Who lives in a pineapple under the sea? If your answer is a resounding “Spongebob Squarepants!”, then you are only partly right. Jokes aside, if you are an art lover and have a particular fondness for sculptures, so much so that you would go to any depths to see them (literally!) then have I got news for you!
Did you know that there are several sculptures that you’ll need scuba gear to see? That’s right! Some eerily beautiful sculptures are lying undisturbed at the bottom of the sea and if you’re an art lover and a thrill seeker, a viewing of these statues will be the perfect union of the two. So fish out the old wetsuit and keep an eye open for Aquaman because here are some unbelievable sculptures that even the mighty Poseidon approves of:
A giant beneath the waves: Ocean Atlas, Bahamas
Just off the coast of Nassau, Bahamas, lies an 18-foot tall, 60-tonne statue of a Bahamian girl holding the weight of the ocean on her shoulders. It is the largest underwater statue in the world. Inspired by the Greek myth of Atlas, this sculpture has been designed and built by British artist and conservationist Jason deCaires Taylor. A local girl named Camilla posed for the statue and the message behind the statue is that it is the locals who can support ocean conservation the most. The immense size of the statue will create multiple habitats for sea life as an artificial reef. A marvelous statue and a conservation of truly epic proportions!
Located in the Cancun Marine National Park off the coast of Cancun (unsurprisingly), this museum is home to 500 sculptures that are between three and six meters underwater. The artist behind this impressive project is Jason deCaires Taylor. This museum promotes the conservation of coral reefs as all the sculptures are created using materials that allow coral to grow on them. Prepare for the ultimate underwater visual treat!
Say a little prayer: Christ of the Abyss, Italy
If you’re feeling a little religious, there’s a wonderful sculpture that’s extremely popular among free divers and scuba divers. It’s a 2.5 meter bronze statue of Jesus Christ, with his head and hands raised skyward, placed off the Italian Riviera and it was created by Italian sculptor Guido Galletti in honor of diver Dario Gonzatti who lost his life scuba diving in 1947 at that very spot. Two other statues that were cast from the original mold also exist underwater: one off the coast of St George’s, Grenada, and the other off Key Largo, Florida. A spectacle of biblical proportions and a must-visit for all diving enthusiasts!
Caribbean Treasure: Molinere Underwater Sculpture Park, Grenada
Located off the west coast of Grenada, this sculpture park was also created by Jason deCaires Taylor, and it was the first of its kind. There are over 65 beautiful individual sculptures present here, and they have all been designed to promote coral growth and marine life. A more creative and stunning conservation technique would be hard to find!
Nature restored: Pemuteran Bay, Indonesia
Pemuteran Bay is home to several structures that have aided in the conservation of reefs in the area including the famous Coral Goddess sculpture. Reef structures were almost non-existent here until the Karang Lestari Foundation’s Coral Reef Restoration Project helped in the enhancement of coral growth with the use of biorock. This spot is now one of the best diving and snorkeling spots in Bali. The Coral Goddess even received the UNDP award for sustainability in 2011. A dive here would be an exhilarating and enthralling experience!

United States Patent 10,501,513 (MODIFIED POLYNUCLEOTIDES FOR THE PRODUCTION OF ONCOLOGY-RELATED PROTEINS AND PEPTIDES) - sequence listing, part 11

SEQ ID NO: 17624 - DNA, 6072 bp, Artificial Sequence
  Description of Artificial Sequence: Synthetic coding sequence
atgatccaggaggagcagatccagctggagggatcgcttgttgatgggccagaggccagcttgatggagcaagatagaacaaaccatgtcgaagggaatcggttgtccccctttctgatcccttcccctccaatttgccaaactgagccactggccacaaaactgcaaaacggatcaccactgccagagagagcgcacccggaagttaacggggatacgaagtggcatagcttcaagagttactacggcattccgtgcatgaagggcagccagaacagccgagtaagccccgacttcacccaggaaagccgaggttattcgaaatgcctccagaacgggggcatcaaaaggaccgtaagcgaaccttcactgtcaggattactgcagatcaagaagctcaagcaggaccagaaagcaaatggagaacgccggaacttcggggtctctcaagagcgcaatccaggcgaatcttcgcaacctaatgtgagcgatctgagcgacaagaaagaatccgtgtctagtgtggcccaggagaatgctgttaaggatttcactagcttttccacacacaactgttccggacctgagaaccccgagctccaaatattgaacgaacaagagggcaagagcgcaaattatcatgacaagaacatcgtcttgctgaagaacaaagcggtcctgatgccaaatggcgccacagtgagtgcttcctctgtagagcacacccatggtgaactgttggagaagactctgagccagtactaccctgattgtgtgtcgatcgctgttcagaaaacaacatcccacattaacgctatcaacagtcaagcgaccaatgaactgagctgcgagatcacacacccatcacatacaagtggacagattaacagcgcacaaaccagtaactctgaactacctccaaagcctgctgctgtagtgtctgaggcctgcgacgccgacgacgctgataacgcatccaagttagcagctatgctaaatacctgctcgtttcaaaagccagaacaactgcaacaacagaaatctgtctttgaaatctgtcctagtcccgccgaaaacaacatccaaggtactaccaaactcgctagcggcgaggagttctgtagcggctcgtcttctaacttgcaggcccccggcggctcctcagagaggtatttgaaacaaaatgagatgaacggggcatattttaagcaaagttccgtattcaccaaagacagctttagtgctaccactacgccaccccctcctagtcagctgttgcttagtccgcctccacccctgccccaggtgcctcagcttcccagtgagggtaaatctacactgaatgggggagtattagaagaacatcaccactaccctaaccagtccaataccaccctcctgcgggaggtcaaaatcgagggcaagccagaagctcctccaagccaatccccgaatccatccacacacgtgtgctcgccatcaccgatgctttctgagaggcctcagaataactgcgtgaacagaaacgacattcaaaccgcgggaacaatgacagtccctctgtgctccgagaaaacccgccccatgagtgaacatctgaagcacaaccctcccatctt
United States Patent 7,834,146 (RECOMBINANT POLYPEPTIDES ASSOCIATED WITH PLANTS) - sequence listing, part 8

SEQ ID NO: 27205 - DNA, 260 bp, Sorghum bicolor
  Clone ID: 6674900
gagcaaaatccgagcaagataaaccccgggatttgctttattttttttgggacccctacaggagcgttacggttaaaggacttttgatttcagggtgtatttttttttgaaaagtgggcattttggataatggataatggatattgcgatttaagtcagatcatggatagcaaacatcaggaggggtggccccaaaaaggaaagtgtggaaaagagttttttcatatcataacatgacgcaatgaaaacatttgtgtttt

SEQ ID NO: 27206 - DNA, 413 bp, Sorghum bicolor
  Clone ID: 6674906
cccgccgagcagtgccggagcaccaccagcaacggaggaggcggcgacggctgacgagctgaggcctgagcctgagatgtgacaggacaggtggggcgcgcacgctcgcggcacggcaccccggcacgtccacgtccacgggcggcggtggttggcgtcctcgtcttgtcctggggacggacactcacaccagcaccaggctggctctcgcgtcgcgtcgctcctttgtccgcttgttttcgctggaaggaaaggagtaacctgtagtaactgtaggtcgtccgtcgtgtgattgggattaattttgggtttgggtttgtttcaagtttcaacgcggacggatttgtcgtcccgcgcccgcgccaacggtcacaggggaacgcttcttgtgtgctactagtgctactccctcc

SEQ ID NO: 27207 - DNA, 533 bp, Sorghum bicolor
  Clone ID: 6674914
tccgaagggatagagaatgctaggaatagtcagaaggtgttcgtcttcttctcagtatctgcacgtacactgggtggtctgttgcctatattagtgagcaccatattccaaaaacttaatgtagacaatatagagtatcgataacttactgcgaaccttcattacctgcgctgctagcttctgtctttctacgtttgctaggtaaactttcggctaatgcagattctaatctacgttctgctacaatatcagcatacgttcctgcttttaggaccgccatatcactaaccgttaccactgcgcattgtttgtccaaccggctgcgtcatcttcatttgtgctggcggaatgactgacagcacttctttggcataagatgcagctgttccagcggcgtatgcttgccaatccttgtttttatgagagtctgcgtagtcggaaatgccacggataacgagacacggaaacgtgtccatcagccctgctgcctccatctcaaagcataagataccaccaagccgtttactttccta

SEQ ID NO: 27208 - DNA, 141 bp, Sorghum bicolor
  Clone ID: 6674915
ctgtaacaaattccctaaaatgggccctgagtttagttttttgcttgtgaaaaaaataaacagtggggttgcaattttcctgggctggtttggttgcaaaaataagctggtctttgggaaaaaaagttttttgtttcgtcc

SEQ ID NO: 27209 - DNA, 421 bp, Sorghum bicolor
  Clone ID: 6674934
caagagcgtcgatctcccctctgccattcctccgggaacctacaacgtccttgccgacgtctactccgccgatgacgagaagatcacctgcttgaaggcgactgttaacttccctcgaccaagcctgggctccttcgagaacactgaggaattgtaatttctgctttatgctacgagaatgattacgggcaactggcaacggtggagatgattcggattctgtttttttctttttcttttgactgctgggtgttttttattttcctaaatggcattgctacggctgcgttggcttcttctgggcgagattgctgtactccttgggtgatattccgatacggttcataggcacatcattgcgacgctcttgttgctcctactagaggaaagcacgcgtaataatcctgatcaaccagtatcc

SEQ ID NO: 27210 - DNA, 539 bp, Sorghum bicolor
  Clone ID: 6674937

Blame Hollywood: Easter Island, Chile
Easter Island in Chile is more famous for the 887 mysterious monumental statues called moai that were created by the early Rapa Nui people. But did you know that there’s one underwater too? Unfortunately, there’s no mystery there. It’s largely believed that the sunken moai can be traced back to a failed 1994 Hollywood movie by Kevin Costner called Rapa Nui, but at seven meters tall, it is a magnificent sight nonetheless!
Credit: Mathieu Meur/Flickr
An ethereal mermaid: Grand Cayman, Cayman Islands
Canadian artist Simon Morris created this 9-foot, 272 kg sculpture, so no little mermaids here! It is supposed to depict Amphitrite, who, according to Greek mythology, was the wife of Poseidon. The sculpture is at a depth of 15 meters, easily reached by divers and snorkelers alike. One of the most popular dive sites off Grand Cayman. Don’t get too close though, or you might find yourself at the sticky end of a certain divine trident!
Credit: Spotted drum/Flickr
Majestically surreal: The elephants of Siam Bay, Thailand
If you’re ever in Phuket and crave the kind of dive that takes your breath away, then Siam Bay is the place to be. The almost life-like elephant sculptures were created as artificial reefs to attract divers to the area after the tsunami of December 2004. There is also a sculpture of an oyster shell and a temple gate to be found at this spot. The most amazing part of your dive, however, will be the incredible marine life you will encounter. Divers, it’s time to book your ticket to Thailand!
Mysterious Ruins: Ryukyu Islands, Japan
This entry isn’t a sculpture, but its enigmatic origins will make you want to dive here and explore the area for yourself! The Yonaguni Monument is a submerged rock formation off the coast of Yonaguni, the southernmost of the Ryukyu Islands, in Japan and it’s completely shrouded in mystery. Some experts believe that the structures could be that of Mu, a fabled Pacific civilization that was rumored to have vanished beneath the waves. Others believe that the site is natural and the fractures and formations have come about because the area lies in an earthquake-prone region. The debate still rages on, but there’s no arguing the fact that if you’re a diving enthusiast, then you have to check this place out.